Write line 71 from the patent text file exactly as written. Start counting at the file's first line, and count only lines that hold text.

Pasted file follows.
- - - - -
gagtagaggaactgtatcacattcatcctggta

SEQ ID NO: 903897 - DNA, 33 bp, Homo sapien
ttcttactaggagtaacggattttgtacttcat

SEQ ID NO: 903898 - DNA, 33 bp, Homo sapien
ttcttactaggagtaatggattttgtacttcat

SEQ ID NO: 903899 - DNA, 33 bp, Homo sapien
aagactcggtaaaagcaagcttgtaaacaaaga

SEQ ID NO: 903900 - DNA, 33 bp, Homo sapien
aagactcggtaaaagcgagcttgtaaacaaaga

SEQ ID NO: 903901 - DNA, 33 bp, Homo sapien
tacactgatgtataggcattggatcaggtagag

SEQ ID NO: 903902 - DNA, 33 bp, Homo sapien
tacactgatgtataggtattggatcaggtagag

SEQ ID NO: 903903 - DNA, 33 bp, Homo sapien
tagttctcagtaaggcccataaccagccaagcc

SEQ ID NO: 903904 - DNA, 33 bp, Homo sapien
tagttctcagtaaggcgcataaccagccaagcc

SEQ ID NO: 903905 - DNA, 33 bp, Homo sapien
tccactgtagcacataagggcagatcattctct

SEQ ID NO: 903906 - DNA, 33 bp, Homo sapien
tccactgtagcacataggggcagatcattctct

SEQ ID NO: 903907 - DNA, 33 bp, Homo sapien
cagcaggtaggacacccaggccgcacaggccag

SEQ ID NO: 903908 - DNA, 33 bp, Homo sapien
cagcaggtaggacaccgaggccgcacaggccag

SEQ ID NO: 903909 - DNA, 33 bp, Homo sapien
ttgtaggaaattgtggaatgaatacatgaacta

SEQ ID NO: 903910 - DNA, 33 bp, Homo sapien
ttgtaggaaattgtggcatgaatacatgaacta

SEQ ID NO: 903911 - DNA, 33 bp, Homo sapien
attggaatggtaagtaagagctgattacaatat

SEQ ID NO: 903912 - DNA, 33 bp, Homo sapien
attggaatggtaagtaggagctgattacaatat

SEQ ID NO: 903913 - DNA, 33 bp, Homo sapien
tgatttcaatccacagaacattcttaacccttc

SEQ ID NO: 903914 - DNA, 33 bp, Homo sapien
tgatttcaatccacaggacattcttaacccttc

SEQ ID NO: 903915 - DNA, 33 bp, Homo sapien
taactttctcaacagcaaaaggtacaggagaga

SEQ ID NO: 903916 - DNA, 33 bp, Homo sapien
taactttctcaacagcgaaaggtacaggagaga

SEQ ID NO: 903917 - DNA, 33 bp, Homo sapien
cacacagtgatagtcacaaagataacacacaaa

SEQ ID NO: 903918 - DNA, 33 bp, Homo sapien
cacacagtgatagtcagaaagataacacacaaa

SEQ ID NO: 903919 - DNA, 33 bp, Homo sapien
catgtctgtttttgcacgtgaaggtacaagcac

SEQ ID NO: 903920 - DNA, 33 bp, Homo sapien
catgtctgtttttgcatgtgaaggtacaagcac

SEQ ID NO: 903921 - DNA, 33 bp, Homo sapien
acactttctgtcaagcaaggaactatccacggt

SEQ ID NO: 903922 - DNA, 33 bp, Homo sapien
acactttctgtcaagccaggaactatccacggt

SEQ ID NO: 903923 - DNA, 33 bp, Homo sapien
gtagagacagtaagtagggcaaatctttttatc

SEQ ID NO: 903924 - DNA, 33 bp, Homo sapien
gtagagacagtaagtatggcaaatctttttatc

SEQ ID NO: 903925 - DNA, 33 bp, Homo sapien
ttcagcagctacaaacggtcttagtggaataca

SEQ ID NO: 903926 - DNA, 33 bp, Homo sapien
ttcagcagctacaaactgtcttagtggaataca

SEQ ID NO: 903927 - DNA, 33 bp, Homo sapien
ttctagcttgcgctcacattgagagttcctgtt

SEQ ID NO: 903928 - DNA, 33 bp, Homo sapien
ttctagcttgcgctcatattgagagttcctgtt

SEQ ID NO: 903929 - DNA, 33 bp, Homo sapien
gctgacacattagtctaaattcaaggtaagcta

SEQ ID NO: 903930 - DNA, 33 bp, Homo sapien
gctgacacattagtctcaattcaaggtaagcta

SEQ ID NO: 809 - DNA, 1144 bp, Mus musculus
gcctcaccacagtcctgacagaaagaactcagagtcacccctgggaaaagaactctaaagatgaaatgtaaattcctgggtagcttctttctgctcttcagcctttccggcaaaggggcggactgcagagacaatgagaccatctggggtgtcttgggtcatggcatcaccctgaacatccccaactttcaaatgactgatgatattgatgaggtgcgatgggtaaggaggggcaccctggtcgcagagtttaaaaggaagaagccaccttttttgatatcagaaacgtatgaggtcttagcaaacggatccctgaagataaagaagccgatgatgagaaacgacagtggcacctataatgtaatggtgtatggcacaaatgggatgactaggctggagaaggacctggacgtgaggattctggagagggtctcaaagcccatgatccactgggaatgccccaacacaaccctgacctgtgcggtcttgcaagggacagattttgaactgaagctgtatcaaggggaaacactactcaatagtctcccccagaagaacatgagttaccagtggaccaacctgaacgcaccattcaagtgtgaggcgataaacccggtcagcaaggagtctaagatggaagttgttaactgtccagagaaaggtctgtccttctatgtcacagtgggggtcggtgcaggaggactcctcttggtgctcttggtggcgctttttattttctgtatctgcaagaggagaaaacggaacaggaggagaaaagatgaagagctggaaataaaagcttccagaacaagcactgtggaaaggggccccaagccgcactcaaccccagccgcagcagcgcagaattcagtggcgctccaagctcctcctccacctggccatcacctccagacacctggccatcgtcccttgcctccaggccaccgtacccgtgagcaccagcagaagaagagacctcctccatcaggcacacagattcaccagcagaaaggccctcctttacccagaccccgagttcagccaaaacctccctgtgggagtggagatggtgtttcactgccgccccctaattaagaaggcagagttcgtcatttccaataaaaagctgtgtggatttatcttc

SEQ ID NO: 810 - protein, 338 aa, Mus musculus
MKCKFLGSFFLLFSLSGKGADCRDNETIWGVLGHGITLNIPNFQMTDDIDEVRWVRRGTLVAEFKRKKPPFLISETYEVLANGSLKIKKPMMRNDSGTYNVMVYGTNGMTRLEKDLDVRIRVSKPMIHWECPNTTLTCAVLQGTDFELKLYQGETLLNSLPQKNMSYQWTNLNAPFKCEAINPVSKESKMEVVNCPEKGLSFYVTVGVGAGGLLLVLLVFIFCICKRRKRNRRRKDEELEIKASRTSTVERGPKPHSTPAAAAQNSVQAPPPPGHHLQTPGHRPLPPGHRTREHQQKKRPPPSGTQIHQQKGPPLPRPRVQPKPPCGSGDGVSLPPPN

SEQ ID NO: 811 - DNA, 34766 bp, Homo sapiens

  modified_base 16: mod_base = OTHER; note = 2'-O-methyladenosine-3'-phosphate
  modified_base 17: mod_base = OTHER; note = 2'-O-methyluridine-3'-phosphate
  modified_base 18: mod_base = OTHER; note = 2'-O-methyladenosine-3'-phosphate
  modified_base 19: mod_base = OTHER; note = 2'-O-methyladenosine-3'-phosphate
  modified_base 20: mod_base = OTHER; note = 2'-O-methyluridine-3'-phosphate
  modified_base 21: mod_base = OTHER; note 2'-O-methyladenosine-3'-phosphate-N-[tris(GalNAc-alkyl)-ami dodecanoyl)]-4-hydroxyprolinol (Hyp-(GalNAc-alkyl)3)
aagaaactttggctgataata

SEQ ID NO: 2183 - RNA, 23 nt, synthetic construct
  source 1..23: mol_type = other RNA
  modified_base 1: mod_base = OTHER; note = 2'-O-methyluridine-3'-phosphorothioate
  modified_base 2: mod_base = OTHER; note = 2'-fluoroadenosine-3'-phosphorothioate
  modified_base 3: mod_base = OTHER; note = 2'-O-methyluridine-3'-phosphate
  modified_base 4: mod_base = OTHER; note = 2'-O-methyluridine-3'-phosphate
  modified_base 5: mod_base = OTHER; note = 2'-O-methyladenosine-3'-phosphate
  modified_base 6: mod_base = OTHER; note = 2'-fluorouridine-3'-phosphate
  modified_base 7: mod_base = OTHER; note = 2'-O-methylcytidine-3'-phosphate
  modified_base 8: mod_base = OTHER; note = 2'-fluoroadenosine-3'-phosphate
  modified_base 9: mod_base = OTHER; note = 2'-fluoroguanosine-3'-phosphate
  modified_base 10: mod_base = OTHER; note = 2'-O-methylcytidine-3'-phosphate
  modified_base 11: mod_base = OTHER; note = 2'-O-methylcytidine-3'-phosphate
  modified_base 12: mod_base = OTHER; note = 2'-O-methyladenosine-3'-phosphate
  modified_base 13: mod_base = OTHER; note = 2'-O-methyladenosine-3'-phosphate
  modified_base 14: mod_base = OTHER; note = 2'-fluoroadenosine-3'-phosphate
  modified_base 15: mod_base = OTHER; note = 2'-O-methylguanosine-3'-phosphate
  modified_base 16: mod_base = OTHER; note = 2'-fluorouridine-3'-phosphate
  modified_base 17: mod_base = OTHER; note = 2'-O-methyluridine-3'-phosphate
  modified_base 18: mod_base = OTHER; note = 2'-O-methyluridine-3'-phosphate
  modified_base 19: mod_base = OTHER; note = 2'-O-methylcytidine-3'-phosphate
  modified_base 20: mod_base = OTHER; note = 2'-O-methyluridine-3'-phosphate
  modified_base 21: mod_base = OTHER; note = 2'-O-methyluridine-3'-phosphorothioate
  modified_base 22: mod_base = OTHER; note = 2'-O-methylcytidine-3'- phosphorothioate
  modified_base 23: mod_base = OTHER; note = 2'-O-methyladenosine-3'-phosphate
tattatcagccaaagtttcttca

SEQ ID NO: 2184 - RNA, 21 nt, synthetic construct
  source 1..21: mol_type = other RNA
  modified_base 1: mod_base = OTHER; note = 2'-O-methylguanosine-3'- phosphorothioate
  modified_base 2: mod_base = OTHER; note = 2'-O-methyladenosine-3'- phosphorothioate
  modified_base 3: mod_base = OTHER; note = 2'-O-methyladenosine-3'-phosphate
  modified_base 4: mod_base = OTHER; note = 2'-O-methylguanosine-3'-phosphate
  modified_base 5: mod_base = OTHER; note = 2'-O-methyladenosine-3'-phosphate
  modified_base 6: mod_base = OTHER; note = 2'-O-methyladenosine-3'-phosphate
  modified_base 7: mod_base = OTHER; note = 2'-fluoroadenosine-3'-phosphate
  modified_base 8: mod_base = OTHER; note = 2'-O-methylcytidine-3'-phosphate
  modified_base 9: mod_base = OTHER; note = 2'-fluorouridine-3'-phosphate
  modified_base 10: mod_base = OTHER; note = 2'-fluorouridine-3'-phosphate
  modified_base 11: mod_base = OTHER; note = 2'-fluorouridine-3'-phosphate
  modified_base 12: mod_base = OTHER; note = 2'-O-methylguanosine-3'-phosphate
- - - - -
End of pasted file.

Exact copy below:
gcctcaccacagtcctgacagaaagaactcagagtcacccctgggaaaagaactctaaagatgaaatgtaaattcctgggtagcttctttctgctcttcagcctttccggcaaaggggcggactgcagagacaatgagaccatctggggtgtcttgggtcatggcatcaccctgaacatccccaactttcaaatgactgatgatattgatgaggtgcgatgggtaaggaggggcaccctggtcgcagagtttaaaaggaagaagccaccttttttgatatcagaaacgtatgaggtcttagcaaacggatccctgaagataaagaagccgatgatgagaaacgacagtggcacctataatgtaatggtgtatggcacaaatgggatgactaggctggagaaggacctggacgtgaggattctggagagggtctcaaagcccatgatccactgggaatgccccaacacaaccctgacctgtgcggtcttgcaagggacagattttgaactgaagctgtatcaaggggaaacactactcaatagtctcccccagaagaacatgagttaccagtggaccaacctgaacgcaccattcaagtgtgaggcgataaacccggtcagcaaggagtctaagatggaagttgttaactgtccagagaaaggtctgtccttctatgtcacagtgggggtcggtgcaggaggactcctcttggtgctcttggtggcgctttttattttctgtatctgcaagaggagaaaacggaacaggaggagaaaagatgaagagctggaaataaaagcttccagaacaagcactgtggaaaggggccccaagccgcactcaaccccagccgcagcagcgcagaattcagtggcgctccaagctcctcctccacctggccatcacctccagacacctggccatcgtcccttgcctccaggccaccgtacccgtgagcaccagcagaagaagagacctcctccatcaggcacacagattcaccagcagaaaggccctcctttacccagaccccgagttcagccaaaacctccctgtgggagtggagatggtgtttcactgccgccccctaattaagaaggcagagttcgtcatttccaataaaaagctgtgtggatttatcttc